Saudi judicial delegation visits Egypt to discuss cooperation

Majdi Abul-Ela (L), president of the Egyptian Court of Cassation, presenting a plaque to Judge Salman bin Mohammed Al-Nashwan, secretary-general of the Saudi Supreme Judicial Council. (Supplied photo)
Updated 30 November 2018

Saudi judicial delegation visits Egypt to discuss cooperation

  • One of the topics discussed was the development of the Saudi judicial system in line with the developments in Egyptian and international laws to achieve justice at a faster rate

JEDDAH: Majdi Abul-Ela, president of the Egyptian Court of Cassation and president of the Higher Judicial Council, has received a high-ranking Saudi judicial delegation to discuss judicial cooperation.
The Saudi delegation is headed by Judge Salman bin Mohammed Al-Nashwan, president of the Court of Appeal and secretary-general of the Saudi Supreme Judicial Council, and his accompanying delegation at the grand court’s office in Cairo. 
The two parties discussed ways in which their countries’ judicial systems could cooperate, and the development of the Saudi judicial system in line with the developments of Egyptian and international laws to achieve justice at a faster rate. 
The parties reviewed the history of Egyptian-Saudi relations and exchanged the shield of the two sides. The Saudi delegation is visiting to review all Egyptian judicial systems, especially the Court of Cassation, the cassation office and its technical office.
The meeting was attended by the leaders of the Court of Cassation, from the assistant to the president of the court. The visit will extend over four days.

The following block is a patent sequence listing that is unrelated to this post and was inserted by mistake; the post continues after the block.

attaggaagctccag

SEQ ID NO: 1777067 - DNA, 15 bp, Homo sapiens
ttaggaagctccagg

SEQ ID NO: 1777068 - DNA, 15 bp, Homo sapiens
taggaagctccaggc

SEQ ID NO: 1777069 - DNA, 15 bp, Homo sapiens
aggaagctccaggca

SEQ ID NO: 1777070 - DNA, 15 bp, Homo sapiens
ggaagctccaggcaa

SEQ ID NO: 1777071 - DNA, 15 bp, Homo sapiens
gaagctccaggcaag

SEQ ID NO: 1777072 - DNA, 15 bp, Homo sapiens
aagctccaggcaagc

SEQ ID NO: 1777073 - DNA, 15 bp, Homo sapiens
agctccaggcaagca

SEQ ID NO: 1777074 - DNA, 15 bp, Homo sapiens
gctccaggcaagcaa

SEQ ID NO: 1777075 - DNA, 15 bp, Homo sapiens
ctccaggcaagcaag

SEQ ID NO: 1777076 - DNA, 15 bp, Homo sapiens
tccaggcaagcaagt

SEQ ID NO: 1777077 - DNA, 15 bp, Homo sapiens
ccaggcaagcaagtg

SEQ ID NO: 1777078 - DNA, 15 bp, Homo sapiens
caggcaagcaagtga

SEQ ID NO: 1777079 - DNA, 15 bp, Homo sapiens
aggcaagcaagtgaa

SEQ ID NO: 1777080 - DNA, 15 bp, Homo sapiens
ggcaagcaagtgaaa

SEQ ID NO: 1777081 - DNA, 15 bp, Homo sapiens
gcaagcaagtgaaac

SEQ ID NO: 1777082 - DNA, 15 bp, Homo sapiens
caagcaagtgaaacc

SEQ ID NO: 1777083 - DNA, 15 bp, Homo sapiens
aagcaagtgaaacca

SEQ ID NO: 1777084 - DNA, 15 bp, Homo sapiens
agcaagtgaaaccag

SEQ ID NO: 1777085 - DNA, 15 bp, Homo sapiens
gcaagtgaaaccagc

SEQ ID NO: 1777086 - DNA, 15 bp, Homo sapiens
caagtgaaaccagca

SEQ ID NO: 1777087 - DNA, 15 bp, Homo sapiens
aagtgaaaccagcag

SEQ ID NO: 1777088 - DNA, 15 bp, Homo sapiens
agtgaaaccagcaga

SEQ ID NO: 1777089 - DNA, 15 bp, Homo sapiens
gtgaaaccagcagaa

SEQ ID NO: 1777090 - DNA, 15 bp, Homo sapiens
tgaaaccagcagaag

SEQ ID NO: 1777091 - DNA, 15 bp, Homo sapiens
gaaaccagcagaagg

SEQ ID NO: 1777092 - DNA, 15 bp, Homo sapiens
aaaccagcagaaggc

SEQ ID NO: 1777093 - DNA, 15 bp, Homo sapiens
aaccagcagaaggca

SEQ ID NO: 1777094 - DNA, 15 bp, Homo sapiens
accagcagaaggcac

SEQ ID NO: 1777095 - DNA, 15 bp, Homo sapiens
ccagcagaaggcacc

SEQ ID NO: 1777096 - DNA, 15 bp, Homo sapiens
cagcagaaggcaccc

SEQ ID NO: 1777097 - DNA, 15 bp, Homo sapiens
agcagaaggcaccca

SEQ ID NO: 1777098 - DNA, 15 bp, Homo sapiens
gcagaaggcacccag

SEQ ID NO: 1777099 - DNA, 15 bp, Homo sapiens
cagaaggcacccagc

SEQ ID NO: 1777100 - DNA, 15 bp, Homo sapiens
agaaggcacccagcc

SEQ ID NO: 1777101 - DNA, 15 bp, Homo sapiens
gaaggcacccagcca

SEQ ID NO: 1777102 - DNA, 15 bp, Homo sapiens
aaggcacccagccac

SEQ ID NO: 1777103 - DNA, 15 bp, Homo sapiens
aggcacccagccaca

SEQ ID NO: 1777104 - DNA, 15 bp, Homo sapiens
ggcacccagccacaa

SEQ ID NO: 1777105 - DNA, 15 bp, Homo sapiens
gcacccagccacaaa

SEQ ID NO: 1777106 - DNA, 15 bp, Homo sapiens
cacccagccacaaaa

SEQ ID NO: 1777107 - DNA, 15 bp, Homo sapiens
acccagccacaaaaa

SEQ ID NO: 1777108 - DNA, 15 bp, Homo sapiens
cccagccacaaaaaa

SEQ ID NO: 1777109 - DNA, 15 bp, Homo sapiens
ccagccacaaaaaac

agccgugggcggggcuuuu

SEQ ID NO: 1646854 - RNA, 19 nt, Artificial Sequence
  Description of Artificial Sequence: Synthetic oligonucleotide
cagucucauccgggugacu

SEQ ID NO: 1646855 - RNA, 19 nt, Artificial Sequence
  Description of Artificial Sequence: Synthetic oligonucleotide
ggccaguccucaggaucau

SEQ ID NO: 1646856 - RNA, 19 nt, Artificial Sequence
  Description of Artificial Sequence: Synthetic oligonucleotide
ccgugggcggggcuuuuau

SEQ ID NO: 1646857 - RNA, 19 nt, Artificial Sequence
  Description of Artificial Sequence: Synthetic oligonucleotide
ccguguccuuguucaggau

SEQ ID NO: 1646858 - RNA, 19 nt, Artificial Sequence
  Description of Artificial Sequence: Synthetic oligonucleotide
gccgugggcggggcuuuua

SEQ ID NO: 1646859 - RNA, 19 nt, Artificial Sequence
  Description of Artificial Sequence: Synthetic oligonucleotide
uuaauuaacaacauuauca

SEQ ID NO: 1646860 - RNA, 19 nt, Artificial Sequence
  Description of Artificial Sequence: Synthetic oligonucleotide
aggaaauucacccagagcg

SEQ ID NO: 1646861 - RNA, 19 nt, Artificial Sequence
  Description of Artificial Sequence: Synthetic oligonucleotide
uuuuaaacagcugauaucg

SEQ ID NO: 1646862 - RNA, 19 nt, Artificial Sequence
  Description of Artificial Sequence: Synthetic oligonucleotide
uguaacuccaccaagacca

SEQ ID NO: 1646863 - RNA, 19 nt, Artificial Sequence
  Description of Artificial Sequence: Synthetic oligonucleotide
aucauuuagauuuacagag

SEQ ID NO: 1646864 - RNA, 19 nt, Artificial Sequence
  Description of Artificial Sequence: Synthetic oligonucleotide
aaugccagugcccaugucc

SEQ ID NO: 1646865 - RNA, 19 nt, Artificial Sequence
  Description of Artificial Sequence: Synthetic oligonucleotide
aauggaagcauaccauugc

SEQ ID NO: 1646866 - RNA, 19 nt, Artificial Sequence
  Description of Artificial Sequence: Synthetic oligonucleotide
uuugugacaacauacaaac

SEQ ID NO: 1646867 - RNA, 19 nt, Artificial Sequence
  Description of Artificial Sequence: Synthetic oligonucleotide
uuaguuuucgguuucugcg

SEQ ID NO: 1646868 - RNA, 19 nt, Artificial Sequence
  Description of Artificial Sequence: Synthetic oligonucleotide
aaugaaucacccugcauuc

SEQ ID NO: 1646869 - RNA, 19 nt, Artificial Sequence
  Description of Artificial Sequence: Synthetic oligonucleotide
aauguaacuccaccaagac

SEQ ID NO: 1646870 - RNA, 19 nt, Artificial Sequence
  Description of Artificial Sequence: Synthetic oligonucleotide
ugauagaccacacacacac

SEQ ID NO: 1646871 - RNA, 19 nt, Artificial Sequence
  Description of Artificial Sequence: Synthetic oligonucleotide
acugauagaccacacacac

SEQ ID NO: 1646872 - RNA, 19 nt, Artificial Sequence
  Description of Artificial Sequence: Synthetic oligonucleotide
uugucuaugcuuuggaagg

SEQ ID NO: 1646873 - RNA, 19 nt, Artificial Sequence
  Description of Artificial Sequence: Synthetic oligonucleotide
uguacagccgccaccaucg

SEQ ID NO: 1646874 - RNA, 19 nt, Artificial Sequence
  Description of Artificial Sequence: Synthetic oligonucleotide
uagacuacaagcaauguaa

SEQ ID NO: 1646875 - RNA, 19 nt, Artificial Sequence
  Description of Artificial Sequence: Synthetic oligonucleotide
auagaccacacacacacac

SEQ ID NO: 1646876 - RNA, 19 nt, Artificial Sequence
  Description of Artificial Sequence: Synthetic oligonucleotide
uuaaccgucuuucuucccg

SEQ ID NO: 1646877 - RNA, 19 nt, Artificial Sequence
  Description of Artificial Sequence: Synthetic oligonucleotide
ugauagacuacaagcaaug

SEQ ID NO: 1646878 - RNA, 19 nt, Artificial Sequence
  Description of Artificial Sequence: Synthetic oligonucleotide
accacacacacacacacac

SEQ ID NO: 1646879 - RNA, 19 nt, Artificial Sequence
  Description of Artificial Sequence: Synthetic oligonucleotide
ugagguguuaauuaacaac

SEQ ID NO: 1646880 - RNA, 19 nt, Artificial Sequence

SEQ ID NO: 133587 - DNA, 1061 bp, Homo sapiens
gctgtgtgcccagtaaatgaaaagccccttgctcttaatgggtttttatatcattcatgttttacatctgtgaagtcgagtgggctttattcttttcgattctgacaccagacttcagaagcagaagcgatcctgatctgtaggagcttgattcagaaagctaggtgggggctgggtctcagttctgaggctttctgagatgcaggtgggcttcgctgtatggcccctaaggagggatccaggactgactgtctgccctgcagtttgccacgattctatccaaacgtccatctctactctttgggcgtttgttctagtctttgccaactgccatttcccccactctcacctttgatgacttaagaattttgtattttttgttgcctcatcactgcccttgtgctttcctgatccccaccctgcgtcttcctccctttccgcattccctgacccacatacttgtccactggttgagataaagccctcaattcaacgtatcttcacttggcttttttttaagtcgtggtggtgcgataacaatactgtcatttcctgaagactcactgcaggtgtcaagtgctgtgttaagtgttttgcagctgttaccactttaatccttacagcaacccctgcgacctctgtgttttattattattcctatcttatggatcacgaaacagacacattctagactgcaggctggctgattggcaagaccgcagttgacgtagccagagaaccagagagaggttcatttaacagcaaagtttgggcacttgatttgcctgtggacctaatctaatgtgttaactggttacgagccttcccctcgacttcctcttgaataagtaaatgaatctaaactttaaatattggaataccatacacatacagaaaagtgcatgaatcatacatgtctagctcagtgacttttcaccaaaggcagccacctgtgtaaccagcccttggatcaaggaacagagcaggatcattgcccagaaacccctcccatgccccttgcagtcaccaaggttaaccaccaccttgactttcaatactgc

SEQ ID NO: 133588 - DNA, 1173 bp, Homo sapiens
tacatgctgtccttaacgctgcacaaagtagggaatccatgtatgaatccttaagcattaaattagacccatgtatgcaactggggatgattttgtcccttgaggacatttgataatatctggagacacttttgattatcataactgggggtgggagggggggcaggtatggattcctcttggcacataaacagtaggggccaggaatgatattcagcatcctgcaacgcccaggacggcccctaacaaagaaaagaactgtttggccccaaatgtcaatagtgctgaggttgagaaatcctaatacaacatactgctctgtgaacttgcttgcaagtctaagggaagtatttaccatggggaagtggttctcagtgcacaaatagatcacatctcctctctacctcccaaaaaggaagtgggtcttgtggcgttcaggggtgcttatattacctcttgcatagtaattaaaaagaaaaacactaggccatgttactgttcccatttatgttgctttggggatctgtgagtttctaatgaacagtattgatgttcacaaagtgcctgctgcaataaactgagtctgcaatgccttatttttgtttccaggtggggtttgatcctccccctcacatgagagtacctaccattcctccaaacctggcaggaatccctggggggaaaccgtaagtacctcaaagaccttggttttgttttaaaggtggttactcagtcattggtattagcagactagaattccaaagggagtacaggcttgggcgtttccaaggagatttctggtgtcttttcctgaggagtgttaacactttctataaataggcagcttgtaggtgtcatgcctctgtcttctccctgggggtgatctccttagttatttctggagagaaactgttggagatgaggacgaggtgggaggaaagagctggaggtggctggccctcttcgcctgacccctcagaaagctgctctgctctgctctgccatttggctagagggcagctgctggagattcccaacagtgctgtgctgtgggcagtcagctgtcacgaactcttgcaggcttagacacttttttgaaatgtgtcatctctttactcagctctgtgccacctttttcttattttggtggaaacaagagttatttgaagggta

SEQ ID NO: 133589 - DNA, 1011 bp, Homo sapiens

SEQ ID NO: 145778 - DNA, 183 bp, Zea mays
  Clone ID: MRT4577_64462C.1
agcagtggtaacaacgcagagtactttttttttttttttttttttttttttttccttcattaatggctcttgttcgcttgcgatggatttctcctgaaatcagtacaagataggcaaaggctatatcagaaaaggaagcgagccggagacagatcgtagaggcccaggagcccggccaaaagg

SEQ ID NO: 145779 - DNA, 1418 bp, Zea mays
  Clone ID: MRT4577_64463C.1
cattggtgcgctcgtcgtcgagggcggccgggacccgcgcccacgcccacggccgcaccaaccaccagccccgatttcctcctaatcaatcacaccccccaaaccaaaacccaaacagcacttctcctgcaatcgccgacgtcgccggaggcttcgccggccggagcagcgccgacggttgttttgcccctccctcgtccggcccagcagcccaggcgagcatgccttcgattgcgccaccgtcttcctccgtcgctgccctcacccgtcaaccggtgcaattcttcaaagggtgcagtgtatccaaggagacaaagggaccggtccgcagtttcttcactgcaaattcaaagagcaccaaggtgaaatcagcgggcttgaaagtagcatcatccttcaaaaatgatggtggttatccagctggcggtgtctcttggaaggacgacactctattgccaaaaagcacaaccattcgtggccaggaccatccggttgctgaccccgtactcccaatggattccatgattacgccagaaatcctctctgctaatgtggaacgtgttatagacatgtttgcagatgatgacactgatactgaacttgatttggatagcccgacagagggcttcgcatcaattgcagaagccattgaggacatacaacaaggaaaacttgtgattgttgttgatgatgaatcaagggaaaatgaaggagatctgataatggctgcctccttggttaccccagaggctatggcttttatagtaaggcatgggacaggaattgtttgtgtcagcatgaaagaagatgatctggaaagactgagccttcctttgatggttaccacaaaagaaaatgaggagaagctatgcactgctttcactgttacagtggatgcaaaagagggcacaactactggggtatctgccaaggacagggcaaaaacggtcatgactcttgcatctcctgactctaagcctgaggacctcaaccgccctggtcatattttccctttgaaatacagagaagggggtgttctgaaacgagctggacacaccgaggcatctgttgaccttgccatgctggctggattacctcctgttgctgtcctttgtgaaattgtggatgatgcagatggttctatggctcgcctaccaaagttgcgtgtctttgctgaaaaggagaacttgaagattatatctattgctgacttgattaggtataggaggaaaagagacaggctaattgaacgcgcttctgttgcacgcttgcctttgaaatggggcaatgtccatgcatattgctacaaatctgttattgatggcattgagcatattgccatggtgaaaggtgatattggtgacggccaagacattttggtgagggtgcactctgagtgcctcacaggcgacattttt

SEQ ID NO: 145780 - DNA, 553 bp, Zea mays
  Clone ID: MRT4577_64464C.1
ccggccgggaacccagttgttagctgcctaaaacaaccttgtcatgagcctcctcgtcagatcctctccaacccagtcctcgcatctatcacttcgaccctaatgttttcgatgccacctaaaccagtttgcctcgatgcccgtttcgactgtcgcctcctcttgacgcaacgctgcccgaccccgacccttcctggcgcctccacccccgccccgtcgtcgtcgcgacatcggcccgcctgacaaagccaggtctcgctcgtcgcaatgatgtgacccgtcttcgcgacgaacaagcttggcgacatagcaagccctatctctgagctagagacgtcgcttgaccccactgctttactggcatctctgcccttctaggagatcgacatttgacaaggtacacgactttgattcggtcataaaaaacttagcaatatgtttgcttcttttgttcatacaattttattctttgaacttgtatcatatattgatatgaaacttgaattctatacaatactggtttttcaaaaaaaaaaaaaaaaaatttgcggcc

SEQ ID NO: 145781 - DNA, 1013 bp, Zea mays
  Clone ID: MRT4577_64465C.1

King Salman’s guests laud Hajj facilities

They paid tribute to the guest program, which allowed them to visit the sacred places, historical sites and Islamic landmarks in Makkah and Madinah, all at the expense of King Salman. (SPA)
Updated 7 min 32 sec ago

King Salman’s guests laud Hajj facilities

  • There were 634,379 domestic pilgrims, of whom 67 percent were non-Saudi

MADINAH: A number of guests from Tunisia and Morocco, who also came as part of the program, lauded the efforts and services provided them during the season.
In statements to the Saudi Press Agency, they admired the projects in the Two Holy Mosques and the holy sites, citing them as evidence of the Kingdom’s dedication to pilgrims and its keenness to help them worship in comfort.
They paid tribute to the guest program, which allowed them to visit the sacred places, historical sites and Islamic landmarks in Makkah and Madinah, all at the expense of King Salman.
There were 2,489,406 pilgrims at this year’s Hajj, according to the General Authority for Statistics (GASTAT), and 1,855,027 of them came from outside the Kingdom. There were 634,379 domestic pilgrims, of whom 67 percent were non-Saudi.